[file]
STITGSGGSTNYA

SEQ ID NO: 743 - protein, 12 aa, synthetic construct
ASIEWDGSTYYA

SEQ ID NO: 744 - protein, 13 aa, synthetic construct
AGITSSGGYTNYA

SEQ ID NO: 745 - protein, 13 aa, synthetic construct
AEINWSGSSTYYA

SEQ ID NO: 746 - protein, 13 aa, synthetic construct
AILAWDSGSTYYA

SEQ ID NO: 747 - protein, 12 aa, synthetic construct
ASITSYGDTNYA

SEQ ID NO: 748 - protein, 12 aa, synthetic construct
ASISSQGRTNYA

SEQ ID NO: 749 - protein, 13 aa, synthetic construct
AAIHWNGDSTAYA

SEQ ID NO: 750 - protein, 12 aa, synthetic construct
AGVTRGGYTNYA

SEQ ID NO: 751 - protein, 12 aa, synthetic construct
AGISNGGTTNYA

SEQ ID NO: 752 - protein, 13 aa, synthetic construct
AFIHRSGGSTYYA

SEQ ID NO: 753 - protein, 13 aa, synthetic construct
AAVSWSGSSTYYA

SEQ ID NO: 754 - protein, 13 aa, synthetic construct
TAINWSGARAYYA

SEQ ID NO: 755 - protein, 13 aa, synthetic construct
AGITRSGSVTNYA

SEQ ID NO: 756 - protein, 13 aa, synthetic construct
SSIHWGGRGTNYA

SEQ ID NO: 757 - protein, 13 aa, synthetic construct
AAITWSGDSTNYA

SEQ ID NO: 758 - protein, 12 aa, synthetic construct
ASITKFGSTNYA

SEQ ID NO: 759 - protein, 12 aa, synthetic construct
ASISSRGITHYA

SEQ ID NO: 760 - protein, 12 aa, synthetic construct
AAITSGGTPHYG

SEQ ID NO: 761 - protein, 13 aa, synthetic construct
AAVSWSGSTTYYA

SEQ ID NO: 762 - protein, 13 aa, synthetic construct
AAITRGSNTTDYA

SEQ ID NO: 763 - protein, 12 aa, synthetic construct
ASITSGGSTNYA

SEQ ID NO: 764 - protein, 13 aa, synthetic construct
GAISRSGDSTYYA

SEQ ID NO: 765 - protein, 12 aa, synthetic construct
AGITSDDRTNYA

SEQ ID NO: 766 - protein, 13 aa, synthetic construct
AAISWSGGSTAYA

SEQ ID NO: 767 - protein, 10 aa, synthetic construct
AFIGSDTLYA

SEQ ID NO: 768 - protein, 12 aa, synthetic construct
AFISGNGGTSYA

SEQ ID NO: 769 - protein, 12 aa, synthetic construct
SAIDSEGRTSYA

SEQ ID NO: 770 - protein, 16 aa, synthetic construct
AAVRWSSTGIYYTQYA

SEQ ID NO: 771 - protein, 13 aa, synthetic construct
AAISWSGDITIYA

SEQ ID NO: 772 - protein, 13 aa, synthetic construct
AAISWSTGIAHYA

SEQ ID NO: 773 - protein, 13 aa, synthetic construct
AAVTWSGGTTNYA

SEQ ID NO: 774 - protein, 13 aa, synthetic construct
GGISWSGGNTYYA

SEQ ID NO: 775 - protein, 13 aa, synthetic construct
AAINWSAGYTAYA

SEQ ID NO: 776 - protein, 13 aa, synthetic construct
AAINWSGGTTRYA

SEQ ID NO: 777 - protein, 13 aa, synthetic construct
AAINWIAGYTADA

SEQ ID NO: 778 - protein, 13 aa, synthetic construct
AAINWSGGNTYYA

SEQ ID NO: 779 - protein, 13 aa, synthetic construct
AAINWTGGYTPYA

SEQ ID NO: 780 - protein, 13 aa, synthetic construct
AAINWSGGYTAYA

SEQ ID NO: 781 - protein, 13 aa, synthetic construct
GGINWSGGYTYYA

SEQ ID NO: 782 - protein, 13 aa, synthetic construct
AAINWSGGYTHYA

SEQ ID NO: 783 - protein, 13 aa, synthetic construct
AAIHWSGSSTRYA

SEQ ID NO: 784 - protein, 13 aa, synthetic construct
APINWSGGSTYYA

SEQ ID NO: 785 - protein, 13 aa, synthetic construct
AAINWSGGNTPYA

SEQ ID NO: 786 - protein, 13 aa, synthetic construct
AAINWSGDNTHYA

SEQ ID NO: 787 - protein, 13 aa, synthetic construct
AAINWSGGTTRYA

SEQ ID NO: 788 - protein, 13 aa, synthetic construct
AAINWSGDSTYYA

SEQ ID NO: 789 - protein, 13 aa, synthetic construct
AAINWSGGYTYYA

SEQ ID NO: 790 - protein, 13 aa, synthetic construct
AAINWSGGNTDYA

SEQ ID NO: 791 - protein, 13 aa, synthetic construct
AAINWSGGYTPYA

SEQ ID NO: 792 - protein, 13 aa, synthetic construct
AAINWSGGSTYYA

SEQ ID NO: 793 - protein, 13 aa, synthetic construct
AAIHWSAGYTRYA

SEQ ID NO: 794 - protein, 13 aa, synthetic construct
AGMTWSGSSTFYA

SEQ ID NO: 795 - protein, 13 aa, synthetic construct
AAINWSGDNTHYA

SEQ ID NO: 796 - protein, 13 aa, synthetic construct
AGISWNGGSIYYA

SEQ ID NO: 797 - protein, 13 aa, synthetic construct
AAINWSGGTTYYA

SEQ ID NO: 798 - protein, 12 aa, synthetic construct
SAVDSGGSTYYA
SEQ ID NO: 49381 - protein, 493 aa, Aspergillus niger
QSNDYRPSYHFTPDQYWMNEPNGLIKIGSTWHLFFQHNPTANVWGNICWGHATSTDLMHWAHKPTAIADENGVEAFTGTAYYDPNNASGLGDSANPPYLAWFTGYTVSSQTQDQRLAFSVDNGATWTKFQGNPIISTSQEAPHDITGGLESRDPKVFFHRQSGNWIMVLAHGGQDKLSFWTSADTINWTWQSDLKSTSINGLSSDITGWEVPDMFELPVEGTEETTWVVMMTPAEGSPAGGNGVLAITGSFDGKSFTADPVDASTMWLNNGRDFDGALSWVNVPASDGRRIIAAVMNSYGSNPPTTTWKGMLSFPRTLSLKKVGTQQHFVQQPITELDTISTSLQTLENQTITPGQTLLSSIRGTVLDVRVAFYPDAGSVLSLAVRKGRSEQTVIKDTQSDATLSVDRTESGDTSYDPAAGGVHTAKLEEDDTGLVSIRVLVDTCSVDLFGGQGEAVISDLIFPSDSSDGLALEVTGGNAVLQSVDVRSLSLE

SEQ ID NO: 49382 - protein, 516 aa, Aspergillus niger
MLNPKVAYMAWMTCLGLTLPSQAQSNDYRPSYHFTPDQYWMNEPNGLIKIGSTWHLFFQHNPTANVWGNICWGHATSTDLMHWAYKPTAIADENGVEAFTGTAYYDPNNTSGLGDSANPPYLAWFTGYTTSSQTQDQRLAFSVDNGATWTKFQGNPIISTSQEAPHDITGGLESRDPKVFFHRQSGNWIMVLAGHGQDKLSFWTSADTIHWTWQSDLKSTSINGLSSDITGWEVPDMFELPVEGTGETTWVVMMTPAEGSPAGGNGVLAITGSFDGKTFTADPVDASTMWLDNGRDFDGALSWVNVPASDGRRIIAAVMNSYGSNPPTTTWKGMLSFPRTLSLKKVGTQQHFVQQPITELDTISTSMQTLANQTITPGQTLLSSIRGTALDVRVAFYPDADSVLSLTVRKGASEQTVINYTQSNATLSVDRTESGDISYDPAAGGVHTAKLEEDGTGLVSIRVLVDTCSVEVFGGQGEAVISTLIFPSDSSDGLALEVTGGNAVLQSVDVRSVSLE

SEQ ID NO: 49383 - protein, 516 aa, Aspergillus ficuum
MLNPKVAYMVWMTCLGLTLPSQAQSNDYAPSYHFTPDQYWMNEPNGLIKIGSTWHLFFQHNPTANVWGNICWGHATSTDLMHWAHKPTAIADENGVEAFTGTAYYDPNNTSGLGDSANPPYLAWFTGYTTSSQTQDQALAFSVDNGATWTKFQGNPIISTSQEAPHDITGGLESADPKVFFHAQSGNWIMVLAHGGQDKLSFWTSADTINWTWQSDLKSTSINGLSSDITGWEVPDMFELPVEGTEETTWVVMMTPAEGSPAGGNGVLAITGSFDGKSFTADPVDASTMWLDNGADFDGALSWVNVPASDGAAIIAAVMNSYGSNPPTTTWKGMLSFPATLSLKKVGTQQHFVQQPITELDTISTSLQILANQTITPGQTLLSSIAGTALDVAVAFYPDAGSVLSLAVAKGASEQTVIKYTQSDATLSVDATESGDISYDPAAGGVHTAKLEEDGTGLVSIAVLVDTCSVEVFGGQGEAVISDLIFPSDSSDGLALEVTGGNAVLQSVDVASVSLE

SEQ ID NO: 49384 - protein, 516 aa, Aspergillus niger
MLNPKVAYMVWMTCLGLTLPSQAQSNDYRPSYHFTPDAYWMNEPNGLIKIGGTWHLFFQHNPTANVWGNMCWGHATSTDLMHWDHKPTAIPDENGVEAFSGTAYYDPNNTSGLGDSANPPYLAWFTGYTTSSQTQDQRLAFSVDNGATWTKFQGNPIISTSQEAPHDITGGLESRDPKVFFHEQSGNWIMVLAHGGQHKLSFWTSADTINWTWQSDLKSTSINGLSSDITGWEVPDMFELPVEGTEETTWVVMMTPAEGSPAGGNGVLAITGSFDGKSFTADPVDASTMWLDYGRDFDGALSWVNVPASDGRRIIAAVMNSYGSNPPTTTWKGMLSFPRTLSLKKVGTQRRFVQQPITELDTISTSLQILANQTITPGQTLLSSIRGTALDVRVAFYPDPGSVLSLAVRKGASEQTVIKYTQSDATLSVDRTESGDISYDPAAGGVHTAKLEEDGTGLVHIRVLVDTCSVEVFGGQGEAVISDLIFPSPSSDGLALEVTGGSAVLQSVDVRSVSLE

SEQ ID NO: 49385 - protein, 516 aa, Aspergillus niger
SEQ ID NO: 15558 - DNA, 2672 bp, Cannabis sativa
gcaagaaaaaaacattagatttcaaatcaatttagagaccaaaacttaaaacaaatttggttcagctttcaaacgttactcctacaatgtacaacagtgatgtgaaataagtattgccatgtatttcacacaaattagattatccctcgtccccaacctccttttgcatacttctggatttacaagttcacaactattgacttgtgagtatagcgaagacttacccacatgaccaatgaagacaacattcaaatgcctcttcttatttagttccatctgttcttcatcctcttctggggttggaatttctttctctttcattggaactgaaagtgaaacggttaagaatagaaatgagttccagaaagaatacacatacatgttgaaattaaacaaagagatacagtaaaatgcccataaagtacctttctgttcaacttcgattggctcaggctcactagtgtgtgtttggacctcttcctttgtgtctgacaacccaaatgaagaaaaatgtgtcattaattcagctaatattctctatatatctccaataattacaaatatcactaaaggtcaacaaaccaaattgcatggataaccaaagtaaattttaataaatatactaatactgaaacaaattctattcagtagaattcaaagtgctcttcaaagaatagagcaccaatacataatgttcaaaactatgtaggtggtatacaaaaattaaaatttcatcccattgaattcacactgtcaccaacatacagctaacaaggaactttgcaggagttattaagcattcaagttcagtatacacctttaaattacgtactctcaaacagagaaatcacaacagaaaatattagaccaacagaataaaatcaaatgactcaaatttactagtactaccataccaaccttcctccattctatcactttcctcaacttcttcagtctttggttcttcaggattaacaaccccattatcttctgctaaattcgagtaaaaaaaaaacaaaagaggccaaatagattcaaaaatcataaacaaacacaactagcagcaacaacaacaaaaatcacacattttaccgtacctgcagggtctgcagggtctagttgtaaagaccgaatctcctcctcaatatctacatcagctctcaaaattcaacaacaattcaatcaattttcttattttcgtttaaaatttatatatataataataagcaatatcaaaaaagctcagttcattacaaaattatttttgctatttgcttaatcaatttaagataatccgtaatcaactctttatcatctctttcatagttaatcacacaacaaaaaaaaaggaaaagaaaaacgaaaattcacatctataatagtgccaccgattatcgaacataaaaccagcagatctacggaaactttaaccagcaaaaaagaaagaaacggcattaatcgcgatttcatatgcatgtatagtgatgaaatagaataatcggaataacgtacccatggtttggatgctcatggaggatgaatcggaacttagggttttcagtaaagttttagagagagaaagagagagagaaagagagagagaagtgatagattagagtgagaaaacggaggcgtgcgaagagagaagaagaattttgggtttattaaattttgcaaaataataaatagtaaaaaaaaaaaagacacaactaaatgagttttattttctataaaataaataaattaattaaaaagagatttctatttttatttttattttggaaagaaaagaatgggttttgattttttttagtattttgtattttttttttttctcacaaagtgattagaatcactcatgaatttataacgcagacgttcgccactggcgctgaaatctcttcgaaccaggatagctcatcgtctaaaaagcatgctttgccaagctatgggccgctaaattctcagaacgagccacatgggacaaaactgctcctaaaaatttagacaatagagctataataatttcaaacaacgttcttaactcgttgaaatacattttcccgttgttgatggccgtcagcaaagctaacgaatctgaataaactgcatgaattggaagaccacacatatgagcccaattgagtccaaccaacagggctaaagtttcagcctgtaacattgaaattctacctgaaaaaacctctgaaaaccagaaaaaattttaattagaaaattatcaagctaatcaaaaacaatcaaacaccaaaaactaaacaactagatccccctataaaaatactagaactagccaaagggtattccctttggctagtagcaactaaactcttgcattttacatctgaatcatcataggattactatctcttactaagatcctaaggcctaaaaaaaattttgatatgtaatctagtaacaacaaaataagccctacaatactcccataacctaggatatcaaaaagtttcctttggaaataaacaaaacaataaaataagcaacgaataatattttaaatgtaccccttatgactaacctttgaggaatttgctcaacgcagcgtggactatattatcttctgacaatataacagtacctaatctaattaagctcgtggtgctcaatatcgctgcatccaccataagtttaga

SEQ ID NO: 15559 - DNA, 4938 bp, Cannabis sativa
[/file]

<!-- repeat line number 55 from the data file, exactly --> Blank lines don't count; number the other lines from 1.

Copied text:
SAIDSEGRTSYA